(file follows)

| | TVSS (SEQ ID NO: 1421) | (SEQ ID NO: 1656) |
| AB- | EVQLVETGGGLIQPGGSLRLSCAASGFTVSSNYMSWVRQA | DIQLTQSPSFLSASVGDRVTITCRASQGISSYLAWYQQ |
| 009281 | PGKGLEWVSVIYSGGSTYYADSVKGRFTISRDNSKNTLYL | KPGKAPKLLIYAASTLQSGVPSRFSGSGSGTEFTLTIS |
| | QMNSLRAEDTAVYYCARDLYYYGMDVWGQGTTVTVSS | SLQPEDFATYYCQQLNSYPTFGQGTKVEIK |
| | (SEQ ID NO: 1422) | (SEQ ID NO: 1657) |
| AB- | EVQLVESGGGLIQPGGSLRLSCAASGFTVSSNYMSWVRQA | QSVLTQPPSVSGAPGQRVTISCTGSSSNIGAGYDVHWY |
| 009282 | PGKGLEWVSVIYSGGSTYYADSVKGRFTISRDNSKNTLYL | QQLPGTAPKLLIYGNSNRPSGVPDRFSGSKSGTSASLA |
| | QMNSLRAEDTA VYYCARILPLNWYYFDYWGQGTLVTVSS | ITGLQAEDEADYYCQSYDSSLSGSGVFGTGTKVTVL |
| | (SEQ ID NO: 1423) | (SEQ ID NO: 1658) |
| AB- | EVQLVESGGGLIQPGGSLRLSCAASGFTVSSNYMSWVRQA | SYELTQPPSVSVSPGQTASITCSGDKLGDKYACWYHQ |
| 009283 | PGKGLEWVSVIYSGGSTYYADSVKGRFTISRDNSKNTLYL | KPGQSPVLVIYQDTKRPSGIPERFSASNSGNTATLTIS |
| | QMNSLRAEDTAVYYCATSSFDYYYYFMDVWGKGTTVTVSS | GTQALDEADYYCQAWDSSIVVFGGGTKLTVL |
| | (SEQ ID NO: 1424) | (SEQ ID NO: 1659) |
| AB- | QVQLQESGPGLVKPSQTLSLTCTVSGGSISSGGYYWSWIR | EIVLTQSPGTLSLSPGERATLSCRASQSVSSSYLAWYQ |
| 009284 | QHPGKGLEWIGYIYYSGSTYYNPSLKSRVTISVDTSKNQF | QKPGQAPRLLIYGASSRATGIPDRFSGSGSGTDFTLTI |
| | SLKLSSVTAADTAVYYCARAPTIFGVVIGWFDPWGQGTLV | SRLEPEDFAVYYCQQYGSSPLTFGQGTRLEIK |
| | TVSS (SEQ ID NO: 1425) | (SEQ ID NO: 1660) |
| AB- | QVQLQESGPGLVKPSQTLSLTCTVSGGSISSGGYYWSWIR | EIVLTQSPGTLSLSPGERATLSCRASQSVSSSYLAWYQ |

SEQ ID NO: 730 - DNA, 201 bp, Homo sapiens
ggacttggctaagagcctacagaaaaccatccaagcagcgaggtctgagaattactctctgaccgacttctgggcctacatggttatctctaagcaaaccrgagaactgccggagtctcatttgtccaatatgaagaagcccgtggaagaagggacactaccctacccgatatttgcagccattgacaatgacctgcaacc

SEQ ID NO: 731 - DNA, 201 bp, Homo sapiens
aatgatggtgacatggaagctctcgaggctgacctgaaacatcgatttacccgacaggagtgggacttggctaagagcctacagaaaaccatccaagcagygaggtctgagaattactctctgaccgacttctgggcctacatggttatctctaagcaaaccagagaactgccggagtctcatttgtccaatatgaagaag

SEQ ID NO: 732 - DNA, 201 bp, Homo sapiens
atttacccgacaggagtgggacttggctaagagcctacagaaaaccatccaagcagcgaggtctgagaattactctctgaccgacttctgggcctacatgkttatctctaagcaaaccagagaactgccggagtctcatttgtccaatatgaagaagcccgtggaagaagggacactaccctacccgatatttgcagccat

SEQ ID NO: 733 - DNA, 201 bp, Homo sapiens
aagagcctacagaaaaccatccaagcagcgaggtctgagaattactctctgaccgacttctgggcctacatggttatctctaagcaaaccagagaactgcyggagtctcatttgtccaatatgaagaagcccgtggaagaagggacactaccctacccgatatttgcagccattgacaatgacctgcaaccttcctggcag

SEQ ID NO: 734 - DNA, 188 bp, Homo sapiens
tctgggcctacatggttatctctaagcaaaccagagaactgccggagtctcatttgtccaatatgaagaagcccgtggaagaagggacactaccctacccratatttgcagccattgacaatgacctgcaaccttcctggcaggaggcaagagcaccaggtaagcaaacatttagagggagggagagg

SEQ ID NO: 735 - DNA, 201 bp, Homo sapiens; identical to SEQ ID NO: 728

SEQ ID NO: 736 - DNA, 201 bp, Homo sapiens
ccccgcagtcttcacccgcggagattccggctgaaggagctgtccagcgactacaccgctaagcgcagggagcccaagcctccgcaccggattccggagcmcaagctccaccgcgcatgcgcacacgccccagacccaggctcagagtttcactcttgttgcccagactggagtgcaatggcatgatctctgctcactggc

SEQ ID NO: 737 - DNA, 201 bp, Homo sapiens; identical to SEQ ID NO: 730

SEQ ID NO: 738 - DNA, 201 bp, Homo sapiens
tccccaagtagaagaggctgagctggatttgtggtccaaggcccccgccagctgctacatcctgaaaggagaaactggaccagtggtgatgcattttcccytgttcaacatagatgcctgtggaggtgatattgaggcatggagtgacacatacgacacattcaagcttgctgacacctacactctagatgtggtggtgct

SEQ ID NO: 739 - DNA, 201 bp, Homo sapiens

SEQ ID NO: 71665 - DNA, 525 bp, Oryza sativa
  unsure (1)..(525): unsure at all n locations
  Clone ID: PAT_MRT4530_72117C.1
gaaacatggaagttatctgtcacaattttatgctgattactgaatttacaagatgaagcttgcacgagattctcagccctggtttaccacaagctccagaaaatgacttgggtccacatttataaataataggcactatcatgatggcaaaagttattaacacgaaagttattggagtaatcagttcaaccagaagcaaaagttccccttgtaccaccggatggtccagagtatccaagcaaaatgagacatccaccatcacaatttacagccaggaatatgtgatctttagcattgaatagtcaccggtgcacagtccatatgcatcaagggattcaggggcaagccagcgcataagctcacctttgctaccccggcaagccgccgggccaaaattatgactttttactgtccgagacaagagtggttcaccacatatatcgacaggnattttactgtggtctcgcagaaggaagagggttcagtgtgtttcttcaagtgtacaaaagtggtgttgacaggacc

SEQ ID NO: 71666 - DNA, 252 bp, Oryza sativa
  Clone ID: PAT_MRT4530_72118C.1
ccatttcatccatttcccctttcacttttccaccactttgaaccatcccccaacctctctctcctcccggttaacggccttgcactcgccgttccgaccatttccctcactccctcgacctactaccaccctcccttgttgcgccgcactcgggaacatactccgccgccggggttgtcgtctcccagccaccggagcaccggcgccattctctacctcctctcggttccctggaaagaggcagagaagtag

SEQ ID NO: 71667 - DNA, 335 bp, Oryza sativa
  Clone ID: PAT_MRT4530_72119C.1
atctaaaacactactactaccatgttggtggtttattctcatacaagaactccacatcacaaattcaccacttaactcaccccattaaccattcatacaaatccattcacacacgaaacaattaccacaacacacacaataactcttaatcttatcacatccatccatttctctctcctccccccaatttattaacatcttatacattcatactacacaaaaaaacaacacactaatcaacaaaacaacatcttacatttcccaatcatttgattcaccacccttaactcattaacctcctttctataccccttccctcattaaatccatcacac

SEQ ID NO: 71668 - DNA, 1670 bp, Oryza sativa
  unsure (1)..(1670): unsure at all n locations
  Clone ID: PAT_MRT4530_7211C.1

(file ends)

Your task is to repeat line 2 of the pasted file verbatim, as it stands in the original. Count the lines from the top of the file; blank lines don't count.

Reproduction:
| AB- | EVQLVETGGGLIQPGGSLRLSCAASGFTVSSNYMSWVRQA | DIQLTQSPSFLSASVGDRVTITCRASQGISSYLAWYQQ |